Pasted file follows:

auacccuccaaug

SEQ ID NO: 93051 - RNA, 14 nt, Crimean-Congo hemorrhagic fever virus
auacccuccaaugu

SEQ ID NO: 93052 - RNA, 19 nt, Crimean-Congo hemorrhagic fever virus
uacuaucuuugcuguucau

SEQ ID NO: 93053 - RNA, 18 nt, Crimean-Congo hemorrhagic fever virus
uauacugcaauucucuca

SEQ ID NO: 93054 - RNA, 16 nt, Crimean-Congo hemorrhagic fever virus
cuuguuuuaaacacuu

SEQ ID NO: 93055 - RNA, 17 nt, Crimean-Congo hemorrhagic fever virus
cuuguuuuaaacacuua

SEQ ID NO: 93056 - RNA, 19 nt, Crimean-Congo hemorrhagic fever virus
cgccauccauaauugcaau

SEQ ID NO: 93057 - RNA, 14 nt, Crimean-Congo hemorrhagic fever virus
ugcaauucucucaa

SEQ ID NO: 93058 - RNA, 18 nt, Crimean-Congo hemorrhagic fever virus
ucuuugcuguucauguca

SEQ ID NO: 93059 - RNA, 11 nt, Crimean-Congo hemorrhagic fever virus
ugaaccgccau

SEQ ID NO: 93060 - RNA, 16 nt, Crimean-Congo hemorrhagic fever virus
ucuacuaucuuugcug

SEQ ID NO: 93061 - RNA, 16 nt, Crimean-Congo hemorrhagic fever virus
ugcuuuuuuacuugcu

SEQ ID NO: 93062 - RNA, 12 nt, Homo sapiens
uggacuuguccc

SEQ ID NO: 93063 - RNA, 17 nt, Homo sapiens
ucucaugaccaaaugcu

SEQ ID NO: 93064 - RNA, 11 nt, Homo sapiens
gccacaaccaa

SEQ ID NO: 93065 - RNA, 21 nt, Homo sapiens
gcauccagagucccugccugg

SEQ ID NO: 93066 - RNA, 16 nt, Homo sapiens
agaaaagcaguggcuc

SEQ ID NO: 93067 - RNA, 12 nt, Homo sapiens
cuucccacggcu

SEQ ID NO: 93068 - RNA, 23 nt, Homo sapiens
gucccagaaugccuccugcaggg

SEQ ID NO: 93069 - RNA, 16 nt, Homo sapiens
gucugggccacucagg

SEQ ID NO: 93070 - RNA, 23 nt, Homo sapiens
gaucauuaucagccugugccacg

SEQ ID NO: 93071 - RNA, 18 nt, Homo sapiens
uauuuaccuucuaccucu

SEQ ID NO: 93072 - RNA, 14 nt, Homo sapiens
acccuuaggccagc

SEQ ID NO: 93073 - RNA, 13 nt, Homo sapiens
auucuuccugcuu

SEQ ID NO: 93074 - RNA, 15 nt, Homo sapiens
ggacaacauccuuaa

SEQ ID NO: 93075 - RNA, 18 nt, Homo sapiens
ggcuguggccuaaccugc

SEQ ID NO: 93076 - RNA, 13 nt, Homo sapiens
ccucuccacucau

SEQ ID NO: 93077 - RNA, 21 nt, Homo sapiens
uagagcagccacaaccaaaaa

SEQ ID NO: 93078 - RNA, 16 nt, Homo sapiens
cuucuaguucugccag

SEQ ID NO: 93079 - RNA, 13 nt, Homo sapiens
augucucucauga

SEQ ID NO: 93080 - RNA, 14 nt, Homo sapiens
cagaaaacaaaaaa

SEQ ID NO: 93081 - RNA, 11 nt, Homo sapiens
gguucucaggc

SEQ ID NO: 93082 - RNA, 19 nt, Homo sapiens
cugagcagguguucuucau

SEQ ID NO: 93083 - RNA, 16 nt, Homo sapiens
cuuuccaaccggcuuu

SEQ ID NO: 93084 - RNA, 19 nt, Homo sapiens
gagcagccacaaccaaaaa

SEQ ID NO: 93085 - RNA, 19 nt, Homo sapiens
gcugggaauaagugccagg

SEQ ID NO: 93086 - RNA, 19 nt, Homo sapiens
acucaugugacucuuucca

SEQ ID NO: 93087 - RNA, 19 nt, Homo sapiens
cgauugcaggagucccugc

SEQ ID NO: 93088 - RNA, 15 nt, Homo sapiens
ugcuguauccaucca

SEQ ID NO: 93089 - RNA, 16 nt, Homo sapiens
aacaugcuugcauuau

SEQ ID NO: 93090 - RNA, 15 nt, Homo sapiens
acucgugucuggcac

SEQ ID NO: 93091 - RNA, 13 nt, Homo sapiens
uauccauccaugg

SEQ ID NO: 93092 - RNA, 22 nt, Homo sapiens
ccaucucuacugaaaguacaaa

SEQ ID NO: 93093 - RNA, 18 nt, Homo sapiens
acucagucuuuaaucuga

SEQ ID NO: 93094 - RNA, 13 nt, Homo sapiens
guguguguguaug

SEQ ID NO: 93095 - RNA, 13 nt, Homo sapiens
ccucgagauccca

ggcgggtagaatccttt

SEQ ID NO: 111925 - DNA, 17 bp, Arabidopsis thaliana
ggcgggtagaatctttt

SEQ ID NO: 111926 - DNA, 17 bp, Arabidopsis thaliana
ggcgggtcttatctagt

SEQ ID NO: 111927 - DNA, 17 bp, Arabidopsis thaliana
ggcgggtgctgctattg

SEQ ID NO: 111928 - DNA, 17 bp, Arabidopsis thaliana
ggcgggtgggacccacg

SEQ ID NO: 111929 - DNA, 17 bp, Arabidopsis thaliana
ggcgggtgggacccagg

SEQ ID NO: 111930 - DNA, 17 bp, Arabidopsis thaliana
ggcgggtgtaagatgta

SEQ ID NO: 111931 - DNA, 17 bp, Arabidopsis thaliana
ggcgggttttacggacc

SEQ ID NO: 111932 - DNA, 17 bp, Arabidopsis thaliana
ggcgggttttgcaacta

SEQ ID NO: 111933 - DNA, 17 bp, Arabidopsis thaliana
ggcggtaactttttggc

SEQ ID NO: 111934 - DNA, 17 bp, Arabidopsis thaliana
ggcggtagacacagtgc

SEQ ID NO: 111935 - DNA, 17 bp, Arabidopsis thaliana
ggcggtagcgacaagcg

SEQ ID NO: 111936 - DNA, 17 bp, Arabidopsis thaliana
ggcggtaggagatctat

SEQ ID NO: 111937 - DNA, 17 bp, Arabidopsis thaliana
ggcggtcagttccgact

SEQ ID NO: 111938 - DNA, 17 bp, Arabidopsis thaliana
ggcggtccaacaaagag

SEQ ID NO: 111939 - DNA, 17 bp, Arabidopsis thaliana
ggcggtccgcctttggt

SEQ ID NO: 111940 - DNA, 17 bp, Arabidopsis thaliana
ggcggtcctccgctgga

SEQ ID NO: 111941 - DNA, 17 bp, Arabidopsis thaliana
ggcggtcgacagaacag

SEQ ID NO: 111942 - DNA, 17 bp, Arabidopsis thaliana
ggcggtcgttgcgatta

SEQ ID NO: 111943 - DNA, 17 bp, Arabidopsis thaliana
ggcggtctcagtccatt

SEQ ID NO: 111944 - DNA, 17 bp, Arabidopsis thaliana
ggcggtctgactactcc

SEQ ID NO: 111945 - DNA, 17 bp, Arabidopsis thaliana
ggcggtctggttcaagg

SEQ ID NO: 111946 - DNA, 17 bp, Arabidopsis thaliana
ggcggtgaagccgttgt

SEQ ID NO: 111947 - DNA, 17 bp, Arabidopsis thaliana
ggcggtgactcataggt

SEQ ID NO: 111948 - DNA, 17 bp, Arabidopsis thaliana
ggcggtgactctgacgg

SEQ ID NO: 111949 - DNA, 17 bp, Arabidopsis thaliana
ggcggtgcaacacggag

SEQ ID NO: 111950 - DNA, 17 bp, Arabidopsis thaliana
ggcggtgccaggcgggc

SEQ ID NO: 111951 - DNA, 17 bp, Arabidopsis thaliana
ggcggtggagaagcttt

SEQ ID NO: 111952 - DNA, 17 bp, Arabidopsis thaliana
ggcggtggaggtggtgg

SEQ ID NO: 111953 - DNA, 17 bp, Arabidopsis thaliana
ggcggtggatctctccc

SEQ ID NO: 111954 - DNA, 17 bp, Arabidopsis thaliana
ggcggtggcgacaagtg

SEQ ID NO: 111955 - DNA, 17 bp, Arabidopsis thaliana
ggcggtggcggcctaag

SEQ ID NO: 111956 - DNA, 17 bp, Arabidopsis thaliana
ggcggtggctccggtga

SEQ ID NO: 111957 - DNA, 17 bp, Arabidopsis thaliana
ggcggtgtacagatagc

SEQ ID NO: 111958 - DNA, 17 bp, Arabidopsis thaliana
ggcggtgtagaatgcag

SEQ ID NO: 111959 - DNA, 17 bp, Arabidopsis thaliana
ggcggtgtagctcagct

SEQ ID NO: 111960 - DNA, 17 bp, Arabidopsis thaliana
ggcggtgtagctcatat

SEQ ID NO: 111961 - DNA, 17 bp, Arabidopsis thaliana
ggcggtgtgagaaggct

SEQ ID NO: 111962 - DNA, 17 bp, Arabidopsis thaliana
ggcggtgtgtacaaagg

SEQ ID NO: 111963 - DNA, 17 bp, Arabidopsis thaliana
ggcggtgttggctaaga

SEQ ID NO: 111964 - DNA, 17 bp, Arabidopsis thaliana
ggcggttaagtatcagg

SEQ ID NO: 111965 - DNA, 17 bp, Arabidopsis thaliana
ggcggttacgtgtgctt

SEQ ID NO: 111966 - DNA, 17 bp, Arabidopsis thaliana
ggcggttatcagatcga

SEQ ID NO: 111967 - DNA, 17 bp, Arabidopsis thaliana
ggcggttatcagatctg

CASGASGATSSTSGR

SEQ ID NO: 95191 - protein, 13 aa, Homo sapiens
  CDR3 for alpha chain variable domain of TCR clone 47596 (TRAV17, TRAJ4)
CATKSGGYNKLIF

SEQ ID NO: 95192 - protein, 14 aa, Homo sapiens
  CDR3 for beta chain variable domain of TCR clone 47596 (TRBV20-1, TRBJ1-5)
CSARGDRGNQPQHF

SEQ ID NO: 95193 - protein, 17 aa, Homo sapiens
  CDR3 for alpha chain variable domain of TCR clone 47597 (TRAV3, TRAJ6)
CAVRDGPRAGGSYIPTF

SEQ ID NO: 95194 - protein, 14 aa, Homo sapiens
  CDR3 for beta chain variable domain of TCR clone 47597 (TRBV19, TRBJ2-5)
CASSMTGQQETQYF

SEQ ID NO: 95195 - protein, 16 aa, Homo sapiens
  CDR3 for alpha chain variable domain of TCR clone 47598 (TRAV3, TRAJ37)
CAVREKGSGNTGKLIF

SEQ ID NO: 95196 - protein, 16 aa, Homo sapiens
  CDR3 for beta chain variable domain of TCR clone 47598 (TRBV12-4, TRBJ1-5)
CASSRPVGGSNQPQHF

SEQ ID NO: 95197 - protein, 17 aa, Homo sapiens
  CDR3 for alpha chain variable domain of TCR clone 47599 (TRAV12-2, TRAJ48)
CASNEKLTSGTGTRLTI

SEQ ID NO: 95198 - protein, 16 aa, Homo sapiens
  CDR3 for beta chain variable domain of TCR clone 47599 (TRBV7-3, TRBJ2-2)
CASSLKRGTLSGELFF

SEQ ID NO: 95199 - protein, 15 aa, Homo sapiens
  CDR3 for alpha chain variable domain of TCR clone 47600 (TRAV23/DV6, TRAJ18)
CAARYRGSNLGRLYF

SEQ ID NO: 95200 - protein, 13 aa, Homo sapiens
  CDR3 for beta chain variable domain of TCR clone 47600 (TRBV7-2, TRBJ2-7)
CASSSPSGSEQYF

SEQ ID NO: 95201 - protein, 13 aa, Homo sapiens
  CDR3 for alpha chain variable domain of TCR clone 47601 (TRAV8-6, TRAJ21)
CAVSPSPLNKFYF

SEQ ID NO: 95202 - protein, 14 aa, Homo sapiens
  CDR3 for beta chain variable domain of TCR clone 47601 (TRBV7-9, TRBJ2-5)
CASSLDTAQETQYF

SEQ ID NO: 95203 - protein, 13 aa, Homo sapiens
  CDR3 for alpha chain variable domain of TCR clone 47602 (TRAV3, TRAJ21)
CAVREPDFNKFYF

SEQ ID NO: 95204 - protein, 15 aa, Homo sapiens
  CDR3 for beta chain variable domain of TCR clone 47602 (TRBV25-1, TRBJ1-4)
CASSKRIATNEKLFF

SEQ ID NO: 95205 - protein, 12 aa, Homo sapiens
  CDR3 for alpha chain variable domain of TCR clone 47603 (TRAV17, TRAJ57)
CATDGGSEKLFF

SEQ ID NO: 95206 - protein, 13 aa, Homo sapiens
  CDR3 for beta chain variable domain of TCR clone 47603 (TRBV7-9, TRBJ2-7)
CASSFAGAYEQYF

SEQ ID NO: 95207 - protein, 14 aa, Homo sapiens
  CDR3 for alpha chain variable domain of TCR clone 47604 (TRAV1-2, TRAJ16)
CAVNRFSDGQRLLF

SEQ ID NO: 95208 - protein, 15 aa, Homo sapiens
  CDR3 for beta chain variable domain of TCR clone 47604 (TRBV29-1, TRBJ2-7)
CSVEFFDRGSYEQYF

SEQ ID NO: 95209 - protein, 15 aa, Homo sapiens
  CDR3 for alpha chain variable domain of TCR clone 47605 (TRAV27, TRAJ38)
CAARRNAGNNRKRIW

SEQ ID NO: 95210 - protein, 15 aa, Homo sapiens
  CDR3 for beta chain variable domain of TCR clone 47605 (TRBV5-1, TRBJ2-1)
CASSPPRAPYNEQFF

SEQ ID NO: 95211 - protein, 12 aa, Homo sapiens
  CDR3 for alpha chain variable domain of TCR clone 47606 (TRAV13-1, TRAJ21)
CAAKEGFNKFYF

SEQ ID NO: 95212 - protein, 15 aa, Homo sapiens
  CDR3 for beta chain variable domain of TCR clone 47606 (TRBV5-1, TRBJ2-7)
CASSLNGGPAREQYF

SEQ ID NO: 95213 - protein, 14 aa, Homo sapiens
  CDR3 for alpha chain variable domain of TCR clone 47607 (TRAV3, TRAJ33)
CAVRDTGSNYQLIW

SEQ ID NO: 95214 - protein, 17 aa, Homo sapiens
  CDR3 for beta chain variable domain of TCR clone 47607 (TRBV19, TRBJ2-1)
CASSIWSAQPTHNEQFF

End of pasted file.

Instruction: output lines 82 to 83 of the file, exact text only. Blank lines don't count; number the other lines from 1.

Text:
SEQ ID NO: 93091 - RNA, 13 nt, Homo sapiens
uauccauccaugg